Using Terraform as the Infrastructure as Code tool, you can deploy the Azure OpenAI in a repeatable way leveraging a Landing Zone architecture. This means that customer get access to best practices from the Azure Cloud Adoption Framework (CAF), a comprehensive guide by Microsoft to ensure successful cloud adoption and alignment with business goals. Combining the landing zone construct and the resources it builds, organizations can create a repeatable pattern that accelerates their AI initiatives and simplifies the building of Azure services.

In this article, Microsoft explores in more detail how to deploy the Azure OpenAI landing zone architecture.

»Azure AI Services

Customers are trying to understand how to scale AI in their organization. This encompasses a wide range of services including machine learning. The Azure Machine Learning workspace is the top-level resource for Azure Machine Learning, providing a centralized place to work with all the artifacts you create when you use Azure Machine Learning.

The workspace keeps a history of all jobs, including logs, metrics, output, and a snapshot of your scripts. The workspace stores references to resources like data stores and compute. It also holds all assets, including models, environments, components and data assets, making it easy to collaborate with colleagues to create machine learning artifacts and group-related work.

The Hub-spoke network topology in Azure is a reference architecture that implements a pattern where the hub-virtual network acts as a central point of connectivity to many spoke virtual networks. The spoke virtual networks connect with the hub and can be used to isolate workloads. You can also enable cross-premises scenarios by using the hub to connect to on-premises networks. If you want to start with a bare hub and spoke deployment, the code can be found here.

Azure VNM

Download a Visio file of this architecture from Microsoft

Using the code that creates an Azure machine learning workspace, you can combine it with the secure hub-and-spoke environment above to create a collaborative shared and secure environment across your organization.

# Dependent resources for Azure Machine Learning
resource "azurerm_application_insights" "default" {
  name                = "${random_pet.prefix.id}-appi"
  location            = azurerm_resource_group.default.location
  resource_group_name = azurerm_resource_group.default.name
  application_type    = "web"
}
 
resource "azurerm_key_vault" "default" {
  name                     = "${var.prefix}${var.environment}${random_integer.suffix.result}kv"
  location                 = azurerm_resource_group.default.location
  resource_group_name      = azurerm_resource_group.default.name
  tenant_id                = data.azurerm_client_config.current.tenant_id
  sku_name                 = "premium"
  purge_protection_enabled = false
}
 
resource "azurerm_storage_account" "default" {
  name                            = "${var.prefix}${var.environment}${random_integer.suffix.result}st"
  location                        = azurerm_resource_group.default.location
  resource_group_name             = azurerm_resource_group.default.name
  account_tier                    = "Standard"
  account_replication_type        = "GRS"
  allow_nested_items_to_be_public = false
}
 
resource "azurerm_container_registry" "default" {
  name                = "${var.prefix}${var.environment}${random_integer.suffix.result}cr"
  location            = azurerm_resource_group.default.location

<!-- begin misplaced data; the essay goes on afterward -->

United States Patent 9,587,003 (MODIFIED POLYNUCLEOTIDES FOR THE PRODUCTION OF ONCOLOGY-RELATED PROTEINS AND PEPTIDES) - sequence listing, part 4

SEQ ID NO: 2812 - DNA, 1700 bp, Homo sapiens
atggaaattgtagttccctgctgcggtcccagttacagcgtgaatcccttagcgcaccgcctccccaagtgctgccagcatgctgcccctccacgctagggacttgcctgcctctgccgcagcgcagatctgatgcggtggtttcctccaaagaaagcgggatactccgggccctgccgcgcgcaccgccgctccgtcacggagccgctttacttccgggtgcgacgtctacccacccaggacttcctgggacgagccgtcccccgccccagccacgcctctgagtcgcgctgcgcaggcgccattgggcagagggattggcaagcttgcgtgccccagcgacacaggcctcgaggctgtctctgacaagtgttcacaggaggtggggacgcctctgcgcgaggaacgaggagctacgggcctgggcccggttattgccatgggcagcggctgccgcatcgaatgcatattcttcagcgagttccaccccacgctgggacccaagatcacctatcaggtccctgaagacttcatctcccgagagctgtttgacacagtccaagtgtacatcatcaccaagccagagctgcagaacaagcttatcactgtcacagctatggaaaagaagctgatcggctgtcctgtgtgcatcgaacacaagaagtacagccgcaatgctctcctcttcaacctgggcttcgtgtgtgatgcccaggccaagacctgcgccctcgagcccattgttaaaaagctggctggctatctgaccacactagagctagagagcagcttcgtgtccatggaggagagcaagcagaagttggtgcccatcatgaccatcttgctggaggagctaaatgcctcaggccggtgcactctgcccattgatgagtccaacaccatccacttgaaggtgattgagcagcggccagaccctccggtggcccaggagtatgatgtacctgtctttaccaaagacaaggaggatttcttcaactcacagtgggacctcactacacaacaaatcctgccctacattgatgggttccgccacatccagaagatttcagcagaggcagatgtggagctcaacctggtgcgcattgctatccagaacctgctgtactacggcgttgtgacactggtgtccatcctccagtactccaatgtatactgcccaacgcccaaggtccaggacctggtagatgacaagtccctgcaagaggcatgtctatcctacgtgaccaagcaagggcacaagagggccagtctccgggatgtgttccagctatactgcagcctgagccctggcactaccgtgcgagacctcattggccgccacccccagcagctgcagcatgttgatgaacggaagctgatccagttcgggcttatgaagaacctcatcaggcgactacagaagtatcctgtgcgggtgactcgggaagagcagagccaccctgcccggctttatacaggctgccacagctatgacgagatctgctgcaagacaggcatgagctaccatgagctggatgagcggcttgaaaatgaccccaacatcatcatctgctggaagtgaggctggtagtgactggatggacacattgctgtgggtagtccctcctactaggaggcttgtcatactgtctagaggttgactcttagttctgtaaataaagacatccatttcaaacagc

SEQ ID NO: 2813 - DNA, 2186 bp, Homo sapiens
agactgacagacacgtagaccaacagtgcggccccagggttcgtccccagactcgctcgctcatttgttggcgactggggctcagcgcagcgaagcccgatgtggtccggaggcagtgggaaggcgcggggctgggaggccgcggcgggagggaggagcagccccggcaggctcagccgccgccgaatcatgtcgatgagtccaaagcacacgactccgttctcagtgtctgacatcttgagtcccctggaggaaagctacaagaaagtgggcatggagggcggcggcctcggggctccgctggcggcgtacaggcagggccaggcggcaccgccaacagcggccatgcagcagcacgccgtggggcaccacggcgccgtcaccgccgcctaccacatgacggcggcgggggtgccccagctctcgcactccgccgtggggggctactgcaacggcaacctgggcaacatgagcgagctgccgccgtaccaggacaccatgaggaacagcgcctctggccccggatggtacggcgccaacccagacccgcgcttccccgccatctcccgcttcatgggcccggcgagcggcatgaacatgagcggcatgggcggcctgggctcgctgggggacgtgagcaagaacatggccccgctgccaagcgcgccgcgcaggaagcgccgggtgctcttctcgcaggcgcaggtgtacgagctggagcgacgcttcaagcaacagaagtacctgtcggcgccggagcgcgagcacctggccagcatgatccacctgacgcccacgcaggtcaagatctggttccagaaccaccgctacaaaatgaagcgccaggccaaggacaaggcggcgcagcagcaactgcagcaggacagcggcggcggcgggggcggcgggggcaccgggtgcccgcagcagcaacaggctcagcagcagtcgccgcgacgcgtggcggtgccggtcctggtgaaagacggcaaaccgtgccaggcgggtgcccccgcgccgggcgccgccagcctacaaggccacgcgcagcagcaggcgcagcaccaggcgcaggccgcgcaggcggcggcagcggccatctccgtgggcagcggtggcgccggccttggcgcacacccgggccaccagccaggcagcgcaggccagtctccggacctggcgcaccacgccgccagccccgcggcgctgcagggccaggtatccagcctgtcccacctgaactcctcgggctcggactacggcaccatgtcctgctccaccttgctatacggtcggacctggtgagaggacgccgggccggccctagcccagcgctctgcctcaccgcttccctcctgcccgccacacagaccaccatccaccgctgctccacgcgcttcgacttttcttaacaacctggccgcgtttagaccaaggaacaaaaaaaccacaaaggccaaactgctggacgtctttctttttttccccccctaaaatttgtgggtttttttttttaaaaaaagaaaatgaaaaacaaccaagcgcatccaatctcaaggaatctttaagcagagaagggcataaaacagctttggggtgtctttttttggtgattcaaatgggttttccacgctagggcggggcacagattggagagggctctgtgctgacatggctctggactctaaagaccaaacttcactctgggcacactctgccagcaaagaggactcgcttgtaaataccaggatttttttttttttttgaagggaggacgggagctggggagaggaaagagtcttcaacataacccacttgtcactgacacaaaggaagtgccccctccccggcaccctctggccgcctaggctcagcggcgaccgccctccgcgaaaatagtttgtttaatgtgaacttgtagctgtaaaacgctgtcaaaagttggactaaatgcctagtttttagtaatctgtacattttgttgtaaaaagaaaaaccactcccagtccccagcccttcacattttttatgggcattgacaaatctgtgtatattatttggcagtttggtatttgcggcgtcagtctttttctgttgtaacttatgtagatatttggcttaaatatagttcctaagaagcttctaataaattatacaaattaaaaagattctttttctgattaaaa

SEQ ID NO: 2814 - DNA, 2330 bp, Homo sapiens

resource_group_name = azurerm_resource_group.default.name
  sku                 = "Premium"
  admin_enabled       = true
}
 
# Machine Learning workspace
resource "azurerm_machine_learning_workspace" "default" {
  name                          = "${random_pet.prefix.id}-mlw"
  location                      = azurerm_resource_group.default.location
  resource_group_name           = azurerm_resource_group.default.name
  application_insights_id       = azurerm_application_insights.default.id
  key_vault_id                  = azurerm_key_vault.default.id
  storage_account_id            = azurerm_storage_account.default.id
  container_registry_id         = azurerm_container_registry.default.id
  public_network_access_enabled = true
 
  identity {
    type = "SystemAssigned"
  }
}

Leveraging the base hub and spoke allows you to deploy Azure services in the hub, which offers access via API endpoints to resources in the spoke endpoints, making an “AI hub” that you can use to share the service with other virtual networks that users can access, build applications in, and experiment with, allowing for faster sharing of resources to create new business outcomes.

»Secure Azure machine learning workspace

To get started with the full example, clone the repository change into the newly created directory, initialize Terraform within this new directory, and apply a build run. This will create a full secure hub-and-spoke Azure Machine Learning workspace.

Copy these commands in order:

➜ Code# Git clonehttps://github.com/dawright22/secure-azure-machine-learning-workspace.git

➜ Code# cd secure-azure_machine_learning_workspace

➜ Code# terraform init

➜ Code# terraform plan 

➜ Code# terraform apply

At this point, you should have a configuration that describes the full set of resources you require to get started with Azure machine learning in a network-isolated setup. This configuration creates new network components so please be aware of the costs.

You can now use Azure Bastion to securely connect to the Windows Data Science Virtual Machine (DSVM). With many popular data science tools pre-installed and pre-configured to jumpstart building intelligent applications for advanced analytics, the DSVM can set you up with the tools you need to start your machine learning journey.

»Next steps

There are endless ways practitioners can use Terraform to scale the adoption of artificial intelligence in an Azure environment. Be sure to check out our ongoing webinar series where HashiCorp and Microsoft cover how to build, deploy and secure resources.